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8 Easy way to Prevent The Baldness
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But baldness can be deceiving: Two-thirds of men face hair loss by age 35, and a bad genetic hand is often to blame. Male-pattern baldness is an inherited sensitivity to dihydrotestosterone (DHT, a by-product of testosterone), which leads to finer hair, a receding hairline, and finally a deserted scalp.

That’s why scientists—who may be thinning up top themselves—have put balding in their crosshairs. Read on for new ways to save what’s there, regain what’s gone, or—if it comes to it—learn that you can lose and still win.

1. FIND THE CAUSE

Doctors often diagnose balding by sight alone: If your hair is only on the sides and middle top of your head, the bare areas form the letter M (as in male-pattern baldness). But thinning that spreads across your scalp and not to your crown or temples often indicates an underlying health issue. “Hormonal or nutritional deficiencies, such as thyroid problems, low iron, or low protein, can cause shedding.

 

2. SIDE WITH THE SCIENCE

Late-night TV ads offer legit fixes for many problems—stains, clogged gutters, subpar pancakes—but balding isn’t one of them. “Be wary of infomercials or Internet ads touting hair-growing shampoos or pills. “Most haven’t been clinically studied and are usually a waste of your money.” (An effective hair-growth shampoo is out there, but it isn’t advertised as such. Keep reading.) Stick with the drugs that have been green-lighted by the FDA: finasteride (Propecia) and minoxidil (Rogaine). “Both are better at maintaining what you have than regrowing what you lost.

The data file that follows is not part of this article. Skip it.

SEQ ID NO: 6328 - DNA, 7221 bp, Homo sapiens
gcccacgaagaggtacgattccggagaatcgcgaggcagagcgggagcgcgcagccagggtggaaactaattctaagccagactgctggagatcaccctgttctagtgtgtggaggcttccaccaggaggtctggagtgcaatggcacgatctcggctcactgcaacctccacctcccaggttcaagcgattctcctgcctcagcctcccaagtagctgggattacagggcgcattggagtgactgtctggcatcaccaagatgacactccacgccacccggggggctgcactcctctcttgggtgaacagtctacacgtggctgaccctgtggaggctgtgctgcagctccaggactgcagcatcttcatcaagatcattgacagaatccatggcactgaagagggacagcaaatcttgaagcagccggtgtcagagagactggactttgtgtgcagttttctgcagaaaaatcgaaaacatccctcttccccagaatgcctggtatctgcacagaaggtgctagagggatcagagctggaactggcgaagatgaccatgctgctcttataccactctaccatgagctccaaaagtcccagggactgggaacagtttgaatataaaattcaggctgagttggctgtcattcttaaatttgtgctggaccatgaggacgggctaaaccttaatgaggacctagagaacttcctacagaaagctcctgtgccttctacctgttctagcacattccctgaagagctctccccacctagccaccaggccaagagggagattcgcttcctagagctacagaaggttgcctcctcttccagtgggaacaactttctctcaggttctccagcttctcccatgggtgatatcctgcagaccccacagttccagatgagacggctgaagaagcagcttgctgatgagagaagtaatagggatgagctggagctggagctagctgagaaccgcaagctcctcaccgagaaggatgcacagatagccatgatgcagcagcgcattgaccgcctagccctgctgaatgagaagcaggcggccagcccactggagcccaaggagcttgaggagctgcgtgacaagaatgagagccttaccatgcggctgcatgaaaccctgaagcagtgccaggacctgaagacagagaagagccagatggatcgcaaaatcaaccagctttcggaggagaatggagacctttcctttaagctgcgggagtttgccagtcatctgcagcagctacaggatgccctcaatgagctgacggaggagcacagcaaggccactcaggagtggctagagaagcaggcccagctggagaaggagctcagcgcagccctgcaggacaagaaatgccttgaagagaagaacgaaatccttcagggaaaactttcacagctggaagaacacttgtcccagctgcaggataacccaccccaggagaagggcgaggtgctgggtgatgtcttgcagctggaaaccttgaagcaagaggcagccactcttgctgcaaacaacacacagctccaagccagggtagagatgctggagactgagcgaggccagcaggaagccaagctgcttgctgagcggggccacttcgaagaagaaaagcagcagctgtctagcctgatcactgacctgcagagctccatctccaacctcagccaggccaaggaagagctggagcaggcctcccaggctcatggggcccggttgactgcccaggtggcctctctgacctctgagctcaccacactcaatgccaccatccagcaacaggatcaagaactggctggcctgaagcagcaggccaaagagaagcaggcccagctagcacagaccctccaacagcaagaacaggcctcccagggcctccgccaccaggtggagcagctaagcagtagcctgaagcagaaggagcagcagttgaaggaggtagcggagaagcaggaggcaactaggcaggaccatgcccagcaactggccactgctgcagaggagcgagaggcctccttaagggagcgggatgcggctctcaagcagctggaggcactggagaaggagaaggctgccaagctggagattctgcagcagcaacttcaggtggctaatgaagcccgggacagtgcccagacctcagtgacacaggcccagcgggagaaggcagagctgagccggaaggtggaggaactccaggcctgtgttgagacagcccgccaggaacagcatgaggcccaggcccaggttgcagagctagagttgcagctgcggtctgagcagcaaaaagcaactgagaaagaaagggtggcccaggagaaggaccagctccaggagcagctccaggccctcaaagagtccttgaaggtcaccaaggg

Propecia works by blocking the conversion of testosterone to DHT, but there’s a major side effect to consider: It could mess with nerve-signaling pathways to your penis, resulting in ED and a loused-up libido, a study in the Journal of Sexual Medicine found. Dr. Cotsarelis says most men don’t experience these side effects, but if you’re uneasy about the ED risk, skip the Propecia.

 

3. SWITCH SHAMPOOS

Dozens of shampoos claim to make your hair look thicker, but only one ingredient has been shown to truly preserve your pate. Ketoconazole, an antifungal used to fight dandruff, may save your mane by reducing production of testosterone (and therefore DHT) in hair follicles, say scientists at the University of British Columbia. In fact, in a Belgian study, balding men who used a 1 percent ketoconazole shampoo two or three times a week for six months saw a 17 percent reduction in hair shedding.

Try Nizoral A-D, the only nonprescription shampoo that contains ketoconazole. “Use it with Propecia or Rogaine, especially if you have dandruff, because flaking can prevent penetration of Rogaine into the scalp. Lather up with a quarter-sized dollop two or three times a week; any more could dry out your hair and cause breakage. Use non-irritating baby shampoo in between.

 

 

4. EAT SMARTER

Cleaning up your diet may save you from the Mr. Clean look. Start by skipping fried foods; this may reduce oil-gland activity, slowing the switch from T to DHT, according to research from India. And watch the desserts: The insulin flood from consuming a lot of sugar can trigger the release of testosterone, making it available for conversion to DHT.